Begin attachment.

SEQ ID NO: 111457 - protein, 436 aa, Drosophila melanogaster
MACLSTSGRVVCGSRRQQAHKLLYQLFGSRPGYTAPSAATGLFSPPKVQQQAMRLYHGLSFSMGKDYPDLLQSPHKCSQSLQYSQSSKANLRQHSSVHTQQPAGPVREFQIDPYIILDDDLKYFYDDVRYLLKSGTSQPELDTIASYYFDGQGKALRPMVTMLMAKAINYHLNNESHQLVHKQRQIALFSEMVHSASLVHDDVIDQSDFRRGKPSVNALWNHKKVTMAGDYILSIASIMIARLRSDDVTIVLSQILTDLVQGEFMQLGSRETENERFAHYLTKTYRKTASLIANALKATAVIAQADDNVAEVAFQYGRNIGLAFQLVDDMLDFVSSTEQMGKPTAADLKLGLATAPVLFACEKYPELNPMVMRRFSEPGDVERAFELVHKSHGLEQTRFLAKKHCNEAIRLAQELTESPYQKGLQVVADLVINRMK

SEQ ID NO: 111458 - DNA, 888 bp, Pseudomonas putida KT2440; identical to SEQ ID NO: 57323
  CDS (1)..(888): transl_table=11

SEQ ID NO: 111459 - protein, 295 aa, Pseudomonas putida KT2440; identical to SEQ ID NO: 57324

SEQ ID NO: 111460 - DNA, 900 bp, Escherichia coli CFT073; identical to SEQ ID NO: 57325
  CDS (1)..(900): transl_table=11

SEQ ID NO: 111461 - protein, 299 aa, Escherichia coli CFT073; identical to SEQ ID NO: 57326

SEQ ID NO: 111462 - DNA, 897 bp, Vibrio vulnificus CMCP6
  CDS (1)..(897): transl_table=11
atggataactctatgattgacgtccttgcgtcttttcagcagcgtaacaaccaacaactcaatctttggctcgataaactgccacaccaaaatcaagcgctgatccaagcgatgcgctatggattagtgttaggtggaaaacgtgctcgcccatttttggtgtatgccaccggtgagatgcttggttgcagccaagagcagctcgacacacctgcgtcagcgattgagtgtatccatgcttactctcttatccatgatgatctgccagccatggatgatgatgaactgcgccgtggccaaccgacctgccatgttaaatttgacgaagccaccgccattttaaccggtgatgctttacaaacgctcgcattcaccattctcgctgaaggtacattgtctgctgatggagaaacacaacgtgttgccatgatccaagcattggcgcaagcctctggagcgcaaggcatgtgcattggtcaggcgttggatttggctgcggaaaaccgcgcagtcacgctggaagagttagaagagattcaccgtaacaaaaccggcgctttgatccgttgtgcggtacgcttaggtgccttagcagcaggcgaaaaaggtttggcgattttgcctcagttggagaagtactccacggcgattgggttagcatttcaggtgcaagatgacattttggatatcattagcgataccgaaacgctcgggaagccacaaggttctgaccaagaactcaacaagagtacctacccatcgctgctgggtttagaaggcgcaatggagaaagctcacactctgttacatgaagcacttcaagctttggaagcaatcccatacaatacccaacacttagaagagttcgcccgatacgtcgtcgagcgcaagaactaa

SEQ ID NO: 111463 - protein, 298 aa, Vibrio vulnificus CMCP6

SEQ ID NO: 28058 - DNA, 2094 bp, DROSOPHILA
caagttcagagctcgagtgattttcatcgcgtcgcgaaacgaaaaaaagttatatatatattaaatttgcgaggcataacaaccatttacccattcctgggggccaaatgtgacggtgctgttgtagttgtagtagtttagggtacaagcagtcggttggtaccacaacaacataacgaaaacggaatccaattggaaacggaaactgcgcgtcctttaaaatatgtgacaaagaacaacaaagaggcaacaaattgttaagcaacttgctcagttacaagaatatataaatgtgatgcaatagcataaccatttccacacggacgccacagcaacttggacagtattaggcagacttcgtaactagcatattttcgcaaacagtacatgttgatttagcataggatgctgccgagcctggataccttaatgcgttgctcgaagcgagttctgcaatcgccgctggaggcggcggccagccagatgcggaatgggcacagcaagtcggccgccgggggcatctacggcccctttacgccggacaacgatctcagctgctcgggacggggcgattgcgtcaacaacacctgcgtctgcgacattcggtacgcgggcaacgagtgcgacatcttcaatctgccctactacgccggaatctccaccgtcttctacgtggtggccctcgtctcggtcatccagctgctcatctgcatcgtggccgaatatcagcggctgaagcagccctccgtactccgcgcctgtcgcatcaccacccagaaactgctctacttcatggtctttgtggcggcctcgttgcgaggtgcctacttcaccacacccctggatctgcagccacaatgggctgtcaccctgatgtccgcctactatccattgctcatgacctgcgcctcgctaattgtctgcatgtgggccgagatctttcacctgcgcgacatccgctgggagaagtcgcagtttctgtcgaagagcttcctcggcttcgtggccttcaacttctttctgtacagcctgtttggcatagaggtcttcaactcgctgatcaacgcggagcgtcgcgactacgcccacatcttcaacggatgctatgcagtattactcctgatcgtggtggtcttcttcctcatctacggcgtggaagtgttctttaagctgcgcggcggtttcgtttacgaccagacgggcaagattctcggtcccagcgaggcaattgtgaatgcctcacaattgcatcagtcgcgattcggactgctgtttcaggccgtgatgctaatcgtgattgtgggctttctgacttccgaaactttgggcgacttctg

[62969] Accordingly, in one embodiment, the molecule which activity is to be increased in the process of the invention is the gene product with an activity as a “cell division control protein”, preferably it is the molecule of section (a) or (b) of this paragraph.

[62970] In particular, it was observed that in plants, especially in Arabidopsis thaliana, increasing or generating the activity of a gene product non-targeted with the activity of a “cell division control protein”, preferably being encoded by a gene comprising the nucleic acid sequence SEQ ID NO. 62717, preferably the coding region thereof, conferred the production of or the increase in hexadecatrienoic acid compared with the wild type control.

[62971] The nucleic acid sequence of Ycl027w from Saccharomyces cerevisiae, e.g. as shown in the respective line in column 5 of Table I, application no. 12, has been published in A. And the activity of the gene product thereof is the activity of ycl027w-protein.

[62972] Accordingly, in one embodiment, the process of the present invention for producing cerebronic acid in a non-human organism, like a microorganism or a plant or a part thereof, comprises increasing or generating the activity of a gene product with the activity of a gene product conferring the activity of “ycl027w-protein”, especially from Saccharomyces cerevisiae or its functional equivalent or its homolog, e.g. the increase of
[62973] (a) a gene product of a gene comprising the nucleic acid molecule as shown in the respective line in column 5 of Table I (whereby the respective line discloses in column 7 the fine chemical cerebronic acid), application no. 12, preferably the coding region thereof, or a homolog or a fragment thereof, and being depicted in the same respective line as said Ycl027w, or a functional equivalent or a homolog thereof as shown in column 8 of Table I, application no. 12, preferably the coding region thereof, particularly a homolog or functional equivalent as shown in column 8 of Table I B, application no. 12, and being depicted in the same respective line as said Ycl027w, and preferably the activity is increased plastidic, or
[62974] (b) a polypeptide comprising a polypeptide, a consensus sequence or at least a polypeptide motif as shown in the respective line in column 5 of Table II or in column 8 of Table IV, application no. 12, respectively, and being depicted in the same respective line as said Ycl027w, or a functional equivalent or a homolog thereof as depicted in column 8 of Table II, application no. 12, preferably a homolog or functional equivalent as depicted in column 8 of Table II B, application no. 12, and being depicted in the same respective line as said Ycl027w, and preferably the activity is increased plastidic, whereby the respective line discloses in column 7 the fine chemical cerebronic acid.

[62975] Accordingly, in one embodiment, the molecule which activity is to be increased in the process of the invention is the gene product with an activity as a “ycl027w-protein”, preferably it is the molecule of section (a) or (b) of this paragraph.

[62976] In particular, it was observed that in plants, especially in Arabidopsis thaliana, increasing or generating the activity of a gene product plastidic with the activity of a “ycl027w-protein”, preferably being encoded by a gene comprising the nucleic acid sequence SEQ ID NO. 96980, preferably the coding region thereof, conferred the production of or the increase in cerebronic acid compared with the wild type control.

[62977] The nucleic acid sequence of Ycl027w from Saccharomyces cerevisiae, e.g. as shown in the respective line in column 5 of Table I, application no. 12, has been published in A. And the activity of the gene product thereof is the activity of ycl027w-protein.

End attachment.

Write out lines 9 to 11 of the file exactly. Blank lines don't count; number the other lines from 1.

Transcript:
SEQ ID NO: 111462 - DNA, 897 bp, Vibrio vulnificus CMCP6
  CDS (1)..(897): transl_table=11
atggataactctatgattgacgtccttgcgtcttttcagcagcgtaacaaccaacaactcaatctttggctcgataaactgccacaccaaaatcaagcgctgatccaagcgatgcgctatggattagtgttaggtggaaaacgtgctcgcccatttttggtgtatgccaccggtgagatgcttggttgcagccaagagcagctcgacacacctgcgtcagcgattgagtgtatccatgcttactctcttatccatgatgatctgccagccatggatgatgatgaactgcgccgtggccaaccgacctgccatgttaaatttgacgaagccaccgccattttaaccggtgatgctttacaaacgctcgcattcaccattctcgctgaaggtacattgtctgctgatggagaaacacaacgtgttgccatgatccaagcattggcgcaagcctctggagcgcaaggcatgtgcattggtcaggcgttggatttggctgcggaaaaccgcgcagtcacgctggaagagttagaagagattcaccgtaacaaaaccggcgctttgatccgttgtgcggtacgcttaggtgccttagcagcaggcgaaaaaggtttggcgattttgcctcagttggagaagtactccacggcgattgggttagcatttcaggtgcaagatgacattttggatatcattagcgataccgaaacgctcgggaagccacaaggttctgaccaagaactcaacaagagtacctacccatcgctgctgggtttagaaggcgcaatggagaaagctcacactctgttacatgaagcacttcaagctttggaagcaatcccatacaatacccaacacttagaagagttcgcccgatacgtcgtcgagcgcaagaactaa